Skip to main content
Research article - Peer-reviewed, 2020

"Cornwallism" and arguments against greenhouse gas emissions reductions

Bjornberg, Karin Edvardsson; Rocklinsberg, Helena; Sandin, Per


Opposition against greenhouse gas emissions reductions is strong among some conservative Christian groups, especially in the United States. In this paper, we identify five scripture-based arguments against greenhouse gas mitigation put forward by a core group of Christian conservatives ('the Cornwallists'): the anti-paganism argument, the enrichment argument, the omnipotence argument, the lack of moral relevance argument and the cost-benefit argument. We evaluate to what extent the arguments express positions that can be characterised as climate science denialist and to what degree they are consistent with support for climate adaptation. Using Stefan Rahmstorf's (2004) taxonomy of climate science denial, we conclude that the Cornwallists could be labelled climate change deniers. However, their opposition is not only based on denial of climate science but often rests on premises that render the science irrelevant, a position we term 'relevance denialism'.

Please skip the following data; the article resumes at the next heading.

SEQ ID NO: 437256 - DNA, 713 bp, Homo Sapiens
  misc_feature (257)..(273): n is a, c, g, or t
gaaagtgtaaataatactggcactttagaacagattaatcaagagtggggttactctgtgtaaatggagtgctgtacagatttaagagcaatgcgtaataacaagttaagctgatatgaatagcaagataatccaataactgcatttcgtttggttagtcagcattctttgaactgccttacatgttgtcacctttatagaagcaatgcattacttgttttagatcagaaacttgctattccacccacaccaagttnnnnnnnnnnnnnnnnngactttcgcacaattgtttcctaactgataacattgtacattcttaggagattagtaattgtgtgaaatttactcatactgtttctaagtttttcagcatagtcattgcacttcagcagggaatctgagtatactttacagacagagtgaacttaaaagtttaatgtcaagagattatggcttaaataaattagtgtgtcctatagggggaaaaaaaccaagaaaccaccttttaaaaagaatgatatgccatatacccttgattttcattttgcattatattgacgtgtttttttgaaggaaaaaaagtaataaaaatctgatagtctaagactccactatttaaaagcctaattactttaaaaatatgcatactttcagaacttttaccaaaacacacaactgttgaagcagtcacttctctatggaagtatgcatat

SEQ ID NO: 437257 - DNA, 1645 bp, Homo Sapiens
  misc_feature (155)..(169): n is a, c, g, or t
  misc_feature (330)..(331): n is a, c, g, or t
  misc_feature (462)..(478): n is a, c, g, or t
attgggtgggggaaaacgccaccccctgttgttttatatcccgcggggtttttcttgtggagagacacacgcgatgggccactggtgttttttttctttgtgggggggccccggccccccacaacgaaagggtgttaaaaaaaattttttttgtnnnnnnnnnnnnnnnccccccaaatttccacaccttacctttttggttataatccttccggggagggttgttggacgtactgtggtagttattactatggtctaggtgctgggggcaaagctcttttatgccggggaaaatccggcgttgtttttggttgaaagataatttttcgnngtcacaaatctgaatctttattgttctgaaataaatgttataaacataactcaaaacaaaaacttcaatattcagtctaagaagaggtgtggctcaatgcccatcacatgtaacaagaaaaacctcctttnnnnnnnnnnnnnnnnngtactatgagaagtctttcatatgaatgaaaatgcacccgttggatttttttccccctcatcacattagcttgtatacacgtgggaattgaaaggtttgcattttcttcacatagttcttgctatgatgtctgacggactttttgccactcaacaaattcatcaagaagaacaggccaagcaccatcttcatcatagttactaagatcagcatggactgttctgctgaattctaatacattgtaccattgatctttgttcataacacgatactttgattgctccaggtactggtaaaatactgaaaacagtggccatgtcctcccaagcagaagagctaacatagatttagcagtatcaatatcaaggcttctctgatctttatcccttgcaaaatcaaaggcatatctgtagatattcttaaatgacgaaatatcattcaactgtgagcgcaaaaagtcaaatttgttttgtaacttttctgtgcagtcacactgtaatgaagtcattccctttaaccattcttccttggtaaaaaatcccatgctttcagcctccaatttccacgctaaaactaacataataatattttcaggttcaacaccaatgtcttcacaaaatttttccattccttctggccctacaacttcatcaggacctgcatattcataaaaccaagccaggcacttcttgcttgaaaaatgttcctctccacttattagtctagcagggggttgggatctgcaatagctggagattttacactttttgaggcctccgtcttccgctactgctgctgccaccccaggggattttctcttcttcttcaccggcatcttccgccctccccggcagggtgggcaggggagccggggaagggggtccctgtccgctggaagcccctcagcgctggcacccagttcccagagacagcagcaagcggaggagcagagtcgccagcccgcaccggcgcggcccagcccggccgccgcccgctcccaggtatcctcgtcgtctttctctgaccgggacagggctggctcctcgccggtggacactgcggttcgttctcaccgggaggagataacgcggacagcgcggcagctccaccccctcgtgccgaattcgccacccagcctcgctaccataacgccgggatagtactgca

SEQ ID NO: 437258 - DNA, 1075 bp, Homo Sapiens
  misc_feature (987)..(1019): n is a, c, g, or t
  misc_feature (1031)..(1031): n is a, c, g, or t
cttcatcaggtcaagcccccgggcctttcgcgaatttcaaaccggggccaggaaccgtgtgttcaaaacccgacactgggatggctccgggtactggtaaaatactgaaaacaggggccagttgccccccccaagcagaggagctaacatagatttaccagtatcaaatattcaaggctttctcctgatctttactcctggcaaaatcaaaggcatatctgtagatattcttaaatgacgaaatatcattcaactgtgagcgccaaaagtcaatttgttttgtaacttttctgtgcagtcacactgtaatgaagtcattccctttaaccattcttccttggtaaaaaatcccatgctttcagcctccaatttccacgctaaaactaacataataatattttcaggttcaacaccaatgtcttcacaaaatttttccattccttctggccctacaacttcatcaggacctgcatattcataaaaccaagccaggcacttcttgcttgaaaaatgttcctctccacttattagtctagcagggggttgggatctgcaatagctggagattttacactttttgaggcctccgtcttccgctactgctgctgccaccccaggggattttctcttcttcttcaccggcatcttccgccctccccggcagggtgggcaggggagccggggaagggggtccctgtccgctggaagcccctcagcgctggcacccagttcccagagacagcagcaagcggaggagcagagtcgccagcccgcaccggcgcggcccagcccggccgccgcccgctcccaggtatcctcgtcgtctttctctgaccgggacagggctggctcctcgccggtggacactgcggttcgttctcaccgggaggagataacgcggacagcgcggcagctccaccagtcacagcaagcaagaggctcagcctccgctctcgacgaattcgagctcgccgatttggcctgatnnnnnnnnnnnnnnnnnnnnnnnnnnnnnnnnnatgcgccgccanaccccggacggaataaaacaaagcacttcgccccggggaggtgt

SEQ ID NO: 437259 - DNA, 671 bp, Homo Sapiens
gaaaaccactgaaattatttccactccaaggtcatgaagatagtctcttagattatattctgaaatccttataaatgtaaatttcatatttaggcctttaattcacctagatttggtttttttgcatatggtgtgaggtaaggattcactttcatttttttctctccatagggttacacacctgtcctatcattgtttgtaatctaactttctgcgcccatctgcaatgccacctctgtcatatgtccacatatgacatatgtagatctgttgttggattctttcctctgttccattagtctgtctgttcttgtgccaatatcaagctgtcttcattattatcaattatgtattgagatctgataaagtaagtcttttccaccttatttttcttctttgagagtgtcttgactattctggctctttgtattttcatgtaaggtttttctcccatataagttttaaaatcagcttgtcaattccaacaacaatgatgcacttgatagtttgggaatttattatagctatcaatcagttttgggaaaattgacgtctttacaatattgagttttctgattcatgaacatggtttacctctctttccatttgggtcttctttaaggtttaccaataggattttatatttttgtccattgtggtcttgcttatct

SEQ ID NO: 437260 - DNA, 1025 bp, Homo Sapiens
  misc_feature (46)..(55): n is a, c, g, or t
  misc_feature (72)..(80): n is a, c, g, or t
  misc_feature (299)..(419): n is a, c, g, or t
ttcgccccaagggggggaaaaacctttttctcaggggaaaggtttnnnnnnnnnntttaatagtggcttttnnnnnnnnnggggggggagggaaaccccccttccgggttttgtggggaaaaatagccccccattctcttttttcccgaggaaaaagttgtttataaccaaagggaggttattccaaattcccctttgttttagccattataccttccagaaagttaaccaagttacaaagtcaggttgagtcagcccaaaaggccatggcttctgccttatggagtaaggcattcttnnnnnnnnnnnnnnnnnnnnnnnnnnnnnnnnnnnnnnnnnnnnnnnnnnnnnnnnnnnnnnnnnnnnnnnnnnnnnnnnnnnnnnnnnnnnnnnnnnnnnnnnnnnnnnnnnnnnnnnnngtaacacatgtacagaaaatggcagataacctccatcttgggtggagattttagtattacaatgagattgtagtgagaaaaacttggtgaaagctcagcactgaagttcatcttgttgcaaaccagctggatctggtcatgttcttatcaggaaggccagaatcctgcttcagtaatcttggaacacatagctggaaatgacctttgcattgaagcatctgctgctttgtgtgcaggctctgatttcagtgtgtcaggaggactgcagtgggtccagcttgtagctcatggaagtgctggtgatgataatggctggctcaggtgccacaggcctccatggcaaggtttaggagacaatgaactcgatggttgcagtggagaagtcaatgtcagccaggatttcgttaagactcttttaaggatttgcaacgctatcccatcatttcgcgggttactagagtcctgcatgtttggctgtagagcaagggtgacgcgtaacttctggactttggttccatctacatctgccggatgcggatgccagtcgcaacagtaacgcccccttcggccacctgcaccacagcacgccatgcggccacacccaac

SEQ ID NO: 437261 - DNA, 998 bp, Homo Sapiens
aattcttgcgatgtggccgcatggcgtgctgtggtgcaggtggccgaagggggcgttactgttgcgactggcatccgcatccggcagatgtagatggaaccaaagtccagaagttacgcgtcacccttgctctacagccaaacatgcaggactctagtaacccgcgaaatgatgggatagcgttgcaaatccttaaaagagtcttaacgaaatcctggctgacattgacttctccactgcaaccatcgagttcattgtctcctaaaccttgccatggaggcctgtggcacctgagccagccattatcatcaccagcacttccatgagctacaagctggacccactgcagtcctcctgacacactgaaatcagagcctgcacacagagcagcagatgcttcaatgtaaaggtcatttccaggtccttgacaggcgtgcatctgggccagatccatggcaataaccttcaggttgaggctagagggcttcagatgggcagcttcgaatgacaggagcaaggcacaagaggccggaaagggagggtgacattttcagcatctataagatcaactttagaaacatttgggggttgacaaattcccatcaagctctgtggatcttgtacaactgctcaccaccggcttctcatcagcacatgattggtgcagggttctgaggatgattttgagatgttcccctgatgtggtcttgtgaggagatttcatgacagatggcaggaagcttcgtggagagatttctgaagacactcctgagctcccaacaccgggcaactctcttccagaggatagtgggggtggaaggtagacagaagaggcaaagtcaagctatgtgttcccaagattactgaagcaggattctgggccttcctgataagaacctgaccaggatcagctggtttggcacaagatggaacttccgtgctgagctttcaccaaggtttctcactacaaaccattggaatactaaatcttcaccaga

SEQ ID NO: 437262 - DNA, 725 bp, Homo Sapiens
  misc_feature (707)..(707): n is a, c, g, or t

Christianity; climate change; denial; Cornwall Alliance; evangelical

Published in

Environmental Values
2020, Volume: 29, number: 6, pages: 691-711